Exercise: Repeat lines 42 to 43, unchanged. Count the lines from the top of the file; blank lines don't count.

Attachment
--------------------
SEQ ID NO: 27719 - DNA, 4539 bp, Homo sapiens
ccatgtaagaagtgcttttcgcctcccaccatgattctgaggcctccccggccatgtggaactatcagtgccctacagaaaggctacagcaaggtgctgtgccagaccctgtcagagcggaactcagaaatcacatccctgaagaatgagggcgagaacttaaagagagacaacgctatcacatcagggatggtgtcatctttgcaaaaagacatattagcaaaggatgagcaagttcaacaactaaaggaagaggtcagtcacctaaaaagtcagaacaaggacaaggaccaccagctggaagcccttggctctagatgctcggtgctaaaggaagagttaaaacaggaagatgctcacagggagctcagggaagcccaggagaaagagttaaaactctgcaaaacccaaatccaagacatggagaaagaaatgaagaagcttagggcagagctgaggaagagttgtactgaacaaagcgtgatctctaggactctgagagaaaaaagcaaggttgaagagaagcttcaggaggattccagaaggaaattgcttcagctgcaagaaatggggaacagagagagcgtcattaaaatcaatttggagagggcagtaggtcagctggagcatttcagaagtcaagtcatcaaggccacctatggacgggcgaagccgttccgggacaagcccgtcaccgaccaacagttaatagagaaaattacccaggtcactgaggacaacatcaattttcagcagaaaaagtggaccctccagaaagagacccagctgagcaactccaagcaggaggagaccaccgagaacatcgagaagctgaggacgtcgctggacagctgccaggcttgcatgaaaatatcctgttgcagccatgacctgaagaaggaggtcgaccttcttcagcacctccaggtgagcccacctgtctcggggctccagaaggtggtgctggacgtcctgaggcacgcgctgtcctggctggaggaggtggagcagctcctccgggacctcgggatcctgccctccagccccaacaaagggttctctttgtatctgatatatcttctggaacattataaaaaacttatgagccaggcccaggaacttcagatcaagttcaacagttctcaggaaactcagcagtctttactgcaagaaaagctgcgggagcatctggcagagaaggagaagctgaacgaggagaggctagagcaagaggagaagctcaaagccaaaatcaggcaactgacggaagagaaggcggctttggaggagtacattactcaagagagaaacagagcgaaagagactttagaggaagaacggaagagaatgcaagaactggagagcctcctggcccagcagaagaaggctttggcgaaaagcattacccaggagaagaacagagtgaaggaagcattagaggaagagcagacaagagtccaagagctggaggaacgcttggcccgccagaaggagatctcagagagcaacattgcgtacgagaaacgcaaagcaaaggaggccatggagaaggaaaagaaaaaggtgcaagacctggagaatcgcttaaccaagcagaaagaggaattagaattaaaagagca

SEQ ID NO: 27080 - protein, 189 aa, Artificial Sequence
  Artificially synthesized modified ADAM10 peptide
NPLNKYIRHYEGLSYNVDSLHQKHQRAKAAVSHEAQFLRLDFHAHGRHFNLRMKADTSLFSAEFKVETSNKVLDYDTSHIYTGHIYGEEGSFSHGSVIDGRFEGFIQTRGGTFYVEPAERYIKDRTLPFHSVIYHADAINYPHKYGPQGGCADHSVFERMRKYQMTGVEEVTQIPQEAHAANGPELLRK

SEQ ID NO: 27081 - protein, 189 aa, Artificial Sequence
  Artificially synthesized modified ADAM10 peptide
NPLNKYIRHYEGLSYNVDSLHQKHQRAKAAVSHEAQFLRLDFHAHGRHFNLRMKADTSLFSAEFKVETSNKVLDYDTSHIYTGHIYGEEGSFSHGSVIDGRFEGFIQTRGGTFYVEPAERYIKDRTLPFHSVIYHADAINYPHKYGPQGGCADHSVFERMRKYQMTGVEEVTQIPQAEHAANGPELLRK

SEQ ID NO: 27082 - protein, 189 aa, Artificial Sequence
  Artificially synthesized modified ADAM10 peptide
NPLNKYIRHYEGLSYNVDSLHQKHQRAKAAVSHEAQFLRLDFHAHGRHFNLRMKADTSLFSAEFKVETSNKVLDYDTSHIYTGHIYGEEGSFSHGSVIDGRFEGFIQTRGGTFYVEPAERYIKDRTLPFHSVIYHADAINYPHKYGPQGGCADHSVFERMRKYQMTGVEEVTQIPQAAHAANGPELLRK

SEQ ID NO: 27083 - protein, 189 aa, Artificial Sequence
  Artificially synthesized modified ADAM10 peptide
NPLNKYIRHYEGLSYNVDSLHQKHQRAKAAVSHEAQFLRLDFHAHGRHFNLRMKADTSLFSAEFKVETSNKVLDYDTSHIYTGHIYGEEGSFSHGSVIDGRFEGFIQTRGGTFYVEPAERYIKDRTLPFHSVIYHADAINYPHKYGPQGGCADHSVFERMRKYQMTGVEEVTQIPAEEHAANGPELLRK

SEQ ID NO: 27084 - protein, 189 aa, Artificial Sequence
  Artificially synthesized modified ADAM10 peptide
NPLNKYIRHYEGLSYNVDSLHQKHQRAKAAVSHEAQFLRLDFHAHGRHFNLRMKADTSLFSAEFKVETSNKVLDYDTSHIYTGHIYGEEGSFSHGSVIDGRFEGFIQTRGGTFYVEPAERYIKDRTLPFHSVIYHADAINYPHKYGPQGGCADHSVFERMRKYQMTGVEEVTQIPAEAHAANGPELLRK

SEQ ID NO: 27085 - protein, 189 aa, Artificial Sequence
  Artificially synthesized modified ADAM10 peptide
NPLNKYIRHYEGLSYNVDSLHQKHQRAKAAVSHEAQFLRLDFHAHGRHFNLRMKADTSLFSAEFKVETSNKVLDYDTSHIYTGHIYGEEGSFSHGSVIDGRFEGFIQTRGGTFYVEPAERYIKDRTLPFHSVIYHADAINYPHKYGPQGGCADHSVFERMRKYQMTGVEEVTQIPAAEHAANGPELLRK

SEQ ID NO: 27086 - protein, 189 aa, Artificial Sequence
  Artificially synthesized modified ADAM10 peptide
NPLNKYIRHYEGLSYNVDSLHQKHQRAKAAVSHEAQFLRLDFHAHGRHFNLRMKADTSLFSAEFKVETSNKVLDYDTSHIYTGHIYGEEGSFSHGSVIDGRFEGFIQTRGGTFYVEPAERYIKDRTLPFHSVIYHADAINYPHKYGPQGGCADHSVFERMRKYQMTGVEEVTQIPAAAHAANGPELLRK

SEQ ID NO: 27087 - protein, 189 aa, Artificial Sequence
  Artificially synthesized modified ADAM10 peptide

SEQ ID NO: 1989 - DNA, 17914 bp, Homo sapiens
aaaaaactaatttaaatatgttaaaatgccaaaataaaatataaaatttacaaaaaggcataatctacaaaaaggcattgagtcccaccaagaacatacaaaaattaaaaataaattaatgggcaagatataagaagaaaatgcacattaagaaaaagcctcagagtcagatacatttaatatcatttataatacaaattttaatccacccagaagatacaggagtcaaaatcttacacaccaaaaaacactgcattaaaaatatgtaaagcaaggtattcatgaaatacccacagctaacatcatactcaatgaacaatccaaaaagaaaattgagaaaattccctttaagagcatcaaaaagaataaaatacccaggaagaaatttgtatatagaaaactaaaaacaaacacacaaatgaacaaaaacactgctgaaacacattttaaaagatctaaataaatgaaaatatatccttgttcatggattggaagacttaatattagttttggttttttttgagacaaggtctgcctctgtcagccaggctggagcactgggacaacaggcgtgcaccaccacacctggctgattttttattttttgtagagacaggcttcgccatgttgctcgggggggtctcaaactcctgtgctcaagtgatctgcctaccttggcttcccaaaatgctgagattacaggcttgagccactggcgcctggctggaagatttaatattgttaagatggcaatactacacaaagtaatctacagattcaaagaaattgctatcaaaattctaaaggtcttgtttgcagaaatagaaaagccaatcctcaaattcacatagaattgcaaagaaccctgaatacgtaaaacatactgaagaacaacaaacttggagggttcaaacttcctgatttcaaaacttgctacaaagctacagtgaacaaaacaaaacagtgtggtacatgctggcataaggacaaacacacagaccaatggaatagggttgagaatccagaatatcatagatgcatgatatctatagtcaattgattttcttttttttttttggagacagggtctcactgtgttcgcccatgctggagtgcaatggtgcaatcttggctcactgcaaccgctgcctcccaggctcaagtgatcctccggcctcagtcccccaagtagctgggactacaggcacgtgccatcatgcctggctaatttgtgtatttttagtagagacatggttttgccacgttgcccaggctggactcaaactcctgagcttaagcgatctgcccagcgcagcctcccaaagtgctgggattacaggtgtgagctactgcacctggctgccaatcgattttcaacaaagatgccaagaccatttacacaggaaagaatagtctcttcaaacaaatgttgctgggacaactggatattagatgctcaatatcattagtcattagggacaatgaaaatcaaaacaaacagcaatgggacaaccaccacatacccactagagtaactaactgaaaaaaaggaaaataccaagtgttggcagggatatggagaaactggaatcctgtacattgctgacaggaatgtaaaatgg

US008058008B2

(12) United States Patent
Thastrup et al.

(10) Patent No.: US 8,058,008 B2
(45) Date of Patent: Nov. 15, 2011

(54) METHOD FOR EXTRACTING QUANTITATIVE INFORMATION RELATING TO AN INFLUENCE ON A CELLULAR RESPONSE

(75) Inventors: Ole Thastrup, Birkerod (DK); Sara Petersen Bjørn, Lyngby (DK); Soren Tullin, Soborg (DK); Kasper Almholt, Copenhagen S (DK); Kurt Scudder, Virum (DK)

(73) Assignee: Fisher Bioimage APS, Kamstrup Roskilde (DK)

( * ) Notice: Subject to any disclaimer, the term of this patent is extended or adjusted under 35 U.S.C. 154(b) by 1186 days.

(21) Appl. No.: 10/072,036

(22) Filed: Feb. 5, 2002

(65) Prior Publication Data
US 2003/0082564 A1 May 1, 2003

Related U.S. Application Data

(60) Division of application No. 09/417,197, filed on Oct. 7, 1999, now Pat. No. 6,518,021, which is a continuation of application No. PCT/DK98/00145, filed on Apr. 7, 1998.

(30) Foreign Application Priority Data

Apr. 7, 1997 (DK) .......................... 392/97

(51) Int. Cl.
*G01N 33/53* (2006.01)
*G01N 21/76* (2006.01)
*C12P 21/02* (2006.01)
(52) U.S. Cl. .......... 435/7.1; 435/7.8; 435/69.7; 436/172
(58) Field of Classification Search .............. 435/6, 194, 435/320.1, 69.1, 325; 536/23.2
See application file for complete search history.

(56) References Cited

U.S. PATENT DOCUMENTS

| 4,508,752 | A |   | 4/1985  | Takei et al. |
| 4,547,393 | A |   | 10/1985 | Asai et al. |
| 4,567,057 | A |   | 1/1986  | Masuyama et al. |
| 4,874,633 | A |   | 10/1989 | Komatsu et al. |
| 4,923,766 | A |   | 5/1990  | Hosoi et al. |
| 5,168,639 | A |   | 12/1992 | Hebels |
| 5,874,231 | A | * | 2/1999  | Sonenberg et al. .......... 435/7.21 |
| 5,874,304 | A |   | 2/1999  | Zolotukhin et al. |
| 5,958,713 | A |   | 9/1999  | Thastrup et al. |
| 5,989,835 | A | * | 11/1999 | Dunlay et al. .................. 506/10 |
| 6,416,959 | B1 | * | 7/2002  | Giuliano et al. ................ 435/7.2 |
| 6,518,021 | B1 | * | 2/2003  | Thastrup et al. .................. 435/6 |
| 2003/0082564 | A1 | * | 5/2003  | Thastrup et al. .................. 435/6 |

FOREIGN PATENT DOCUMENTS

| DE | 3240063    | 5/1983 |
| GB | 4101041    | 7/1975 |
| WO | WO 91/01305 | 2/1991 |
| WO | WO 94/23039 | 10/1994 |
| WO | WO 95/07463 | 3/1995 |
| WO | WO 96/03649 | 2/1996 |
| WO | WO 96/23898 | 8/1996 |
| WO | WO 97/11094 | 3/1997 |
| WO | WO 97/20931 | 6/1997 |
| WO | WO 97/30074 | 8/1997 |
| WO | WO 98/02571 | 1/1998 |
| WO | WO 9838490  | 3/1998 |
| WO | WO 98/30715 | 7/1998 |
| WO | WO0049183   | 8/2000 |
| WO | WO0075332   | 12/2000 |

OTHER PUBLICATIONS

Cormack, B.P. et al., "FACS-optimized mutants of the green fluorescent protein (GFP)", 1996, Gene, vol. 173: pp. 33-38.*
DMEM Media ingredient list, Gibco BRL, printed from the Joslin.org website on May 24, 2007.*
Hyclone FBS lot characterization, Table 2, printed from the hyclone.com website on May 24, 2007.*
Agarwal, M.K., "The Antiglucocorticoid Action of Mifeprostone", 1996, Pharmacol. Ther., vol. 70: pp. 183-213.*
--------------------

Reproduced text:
(60) Division of application No. 09/417,197, filed on Oct. 7, 1999, now Pat. No. 6,518,021, which is a continuation of application No. PCT/DK98/00145, filed on Apr. 7, 1998.

(30) Foreign Application Priority Data